Indeed, pressure from this section resulted in Sonia Gandhi’s guarded defence of the PM in her address to the parliamentary party on July 30. Her statement was clearly a balancing act—it sought to defend the PM while appeasing his critics. “The prime minister has made a firm and unequivocal statement. No one should be in any doubt on our party’s position vis-a-vis Pakistan. It remains unchanged.” Party sources say that though the PM has Sonia Gandhi’s total support, she does not in any way wish to annoy the old guard who have told her that the Indo-Pak statement has taken the sheen off the recent electoral victory and that it will adversely affect the party’s prospects in future elections. Others have told her that the PM should have consulted the party’s senior leaders before “reversing” the Congress’s position on Pakistan post-26/11.

But the PM also has his backers in the party, who dismiss such concerns. “Foreign policy and national security issues have such a large secrecy component that no prime minister is ever going to conduct a public debate on the eve of undertaking strategic moves,” senior party leader Mani Shankar Aiyar told Outlook. “Both in the Indo-US nuclear deal and in his strategic vision for Pakistan, the PM has demonstrated that he’s ahead of the party and country opinion; and that after he has made the move, he can carry the party and country with him.”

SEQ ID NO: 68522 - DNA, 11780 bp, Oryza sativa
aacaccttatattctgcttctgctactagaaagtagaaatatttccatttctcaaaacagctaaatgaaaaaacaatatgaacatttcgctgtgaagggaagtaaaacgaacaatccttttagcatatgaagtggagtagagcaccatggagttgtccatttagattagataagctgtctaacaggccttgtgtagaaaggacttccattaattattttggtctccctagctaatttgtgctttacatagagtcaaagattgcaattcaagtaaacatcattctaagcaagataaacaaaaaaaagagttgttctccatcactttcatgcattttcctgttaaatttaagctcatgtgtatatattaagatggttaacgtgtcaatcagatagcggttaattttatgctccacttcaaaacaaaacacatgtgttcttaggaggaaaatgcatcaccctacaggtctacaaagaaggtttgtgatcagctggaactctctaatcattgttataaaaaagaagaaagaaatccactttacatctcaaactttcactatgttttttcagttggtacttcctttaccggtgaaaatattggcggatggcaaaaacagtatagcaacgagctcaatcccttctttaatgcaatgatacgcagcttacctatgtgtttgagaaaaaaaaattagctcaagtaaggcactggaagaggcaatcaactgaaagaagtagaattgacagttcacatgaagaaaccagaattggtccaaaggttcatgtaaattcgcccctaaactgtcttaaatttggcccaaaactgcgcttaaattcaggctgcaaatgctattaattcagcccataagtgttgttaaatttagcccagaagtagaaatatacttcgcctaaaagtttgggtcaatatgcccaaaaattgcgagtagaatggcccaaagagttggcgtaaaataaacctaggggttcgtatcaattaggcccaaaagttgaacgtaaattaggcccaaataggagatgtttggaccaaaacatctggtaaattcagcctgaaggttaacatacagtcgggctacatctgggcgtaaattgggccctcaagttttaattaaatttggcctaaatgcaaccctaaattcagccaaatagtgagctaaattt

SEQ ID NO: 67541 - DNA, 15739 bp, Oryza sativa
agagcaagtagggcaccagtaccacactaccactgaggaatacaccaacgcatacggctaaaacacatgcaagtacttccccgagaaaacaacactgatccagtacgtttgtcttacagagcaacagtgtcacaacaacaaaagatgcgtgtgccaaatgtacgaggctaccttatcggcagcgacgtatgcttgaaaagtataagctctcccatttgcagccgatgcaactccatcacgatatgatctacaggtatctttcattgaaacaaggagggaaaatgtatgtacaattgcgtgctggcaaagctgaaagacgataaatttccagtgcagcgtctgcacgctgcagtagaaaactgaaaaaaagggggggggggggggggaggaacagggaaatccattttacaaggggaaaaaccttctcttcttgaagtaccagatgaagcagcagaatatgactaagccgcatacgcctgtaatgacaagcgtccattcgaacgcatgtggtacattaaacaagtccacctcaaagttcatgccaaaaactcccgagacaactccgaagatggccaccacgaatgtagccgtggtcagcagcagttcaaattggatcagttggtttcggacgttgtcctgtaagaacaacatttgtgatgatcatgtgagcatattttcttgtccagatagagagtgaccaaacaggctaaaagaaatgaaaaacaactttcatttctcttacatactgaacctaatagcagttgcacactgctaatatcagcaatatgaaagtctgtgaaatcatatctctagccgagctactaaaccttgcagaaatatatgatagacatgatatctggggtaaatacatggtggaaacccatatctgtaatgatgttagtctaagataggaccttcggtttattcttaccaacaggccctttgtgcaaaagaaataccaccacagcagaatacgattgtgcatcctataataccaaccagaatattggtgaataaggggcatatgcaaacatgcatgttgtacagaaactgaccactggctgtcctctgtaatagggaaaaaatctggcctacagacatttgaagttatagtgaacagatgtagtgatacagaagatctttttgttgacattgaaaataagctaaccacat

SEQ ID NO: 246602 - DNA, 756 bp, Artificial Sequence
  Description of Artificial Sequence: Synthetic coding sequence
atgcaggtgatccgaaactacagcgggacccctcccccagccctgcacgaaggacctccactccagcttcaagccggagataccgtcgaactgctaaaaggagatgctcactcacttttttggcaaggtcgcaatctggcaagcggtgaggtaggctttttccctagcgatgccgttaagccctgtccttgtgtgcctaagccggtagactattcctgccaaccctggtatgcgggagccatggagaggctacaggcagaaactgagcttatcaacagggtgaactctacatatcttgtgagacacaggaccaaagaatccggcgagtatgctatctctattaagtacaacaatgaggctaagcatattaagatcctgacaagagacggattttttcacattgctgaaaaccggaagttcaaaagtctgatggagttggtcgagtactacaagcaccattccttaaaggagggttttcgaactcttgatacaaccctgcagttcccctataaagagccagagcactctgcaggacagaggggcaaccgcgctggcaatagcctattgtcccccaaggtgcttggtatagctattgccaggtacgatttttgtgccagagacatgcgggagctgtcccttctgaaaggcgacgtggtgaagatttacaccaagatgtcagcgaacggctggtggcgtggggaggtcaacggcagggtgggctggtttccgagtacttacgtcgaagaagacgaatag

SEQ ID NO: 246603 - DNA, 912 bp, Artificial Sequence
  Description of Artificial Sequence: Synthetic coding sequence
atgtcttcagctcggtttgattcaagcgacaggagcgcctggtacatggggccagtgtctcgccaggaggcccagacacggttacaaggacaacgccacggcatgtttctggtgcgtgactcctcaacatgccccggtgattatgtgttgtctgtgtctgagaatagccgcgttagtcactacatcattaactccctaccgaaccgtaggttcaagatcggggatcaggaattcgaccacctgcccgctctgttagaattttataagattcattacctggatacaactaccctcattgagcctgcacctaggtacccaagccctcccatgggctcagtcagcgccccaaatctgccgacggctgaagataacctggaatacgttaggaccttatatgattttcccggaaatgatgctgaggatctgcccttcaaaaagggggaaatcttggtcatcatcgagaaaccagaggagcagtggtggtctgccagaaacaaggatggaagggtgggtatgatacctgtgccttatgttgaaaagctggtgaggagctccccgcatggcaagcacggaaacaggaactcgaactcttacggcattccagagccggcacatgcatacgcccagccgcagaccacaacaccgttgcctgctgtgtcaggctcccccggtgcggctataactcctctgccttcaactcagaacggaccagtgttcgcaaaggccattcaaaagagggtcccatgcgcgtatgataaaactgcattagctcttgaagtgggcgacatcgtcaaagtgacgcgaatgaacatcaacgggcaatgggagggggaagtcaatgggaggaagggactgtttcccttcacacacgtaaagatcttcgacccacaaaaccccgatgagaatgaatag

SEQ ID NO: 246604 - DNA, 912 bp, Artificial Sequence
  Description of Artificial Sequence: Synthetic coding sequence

Other staunch supporters of his foreign policy line include human resource development minister Kapil Sibal and minister of state for corporate affairs Salman Khursheed. “The problem is,” says Khursheed, “we need to think out-of-the-box if we want to forge ahead, but many of us are afraid of emerging from the box. This statement creates a small window to get us back on track.”

As for the inclusion of Balochistan in the statement, Aiyar sees it as “a confession by Pakistani PM (Yousuf Raza) Gilani that his government is not in control of vast swathes of its own territory, polity and society. I believe Gilani, by saying what he did on Balochistan, has edged us closer to resolving things by discussing issues regarded by either side as outstanding.”

Unfortunately for Manmohan, any defence of his position by party members has been muted. But if history is any indication, it is unlikely that the all-round criticism will be an obstacle for the PM. For, by now, the country is familiar with the fact that behind Manmohan’s mild manner is steely resolve—he has a vision for a subcontinent at peace with itself and he will pursue it.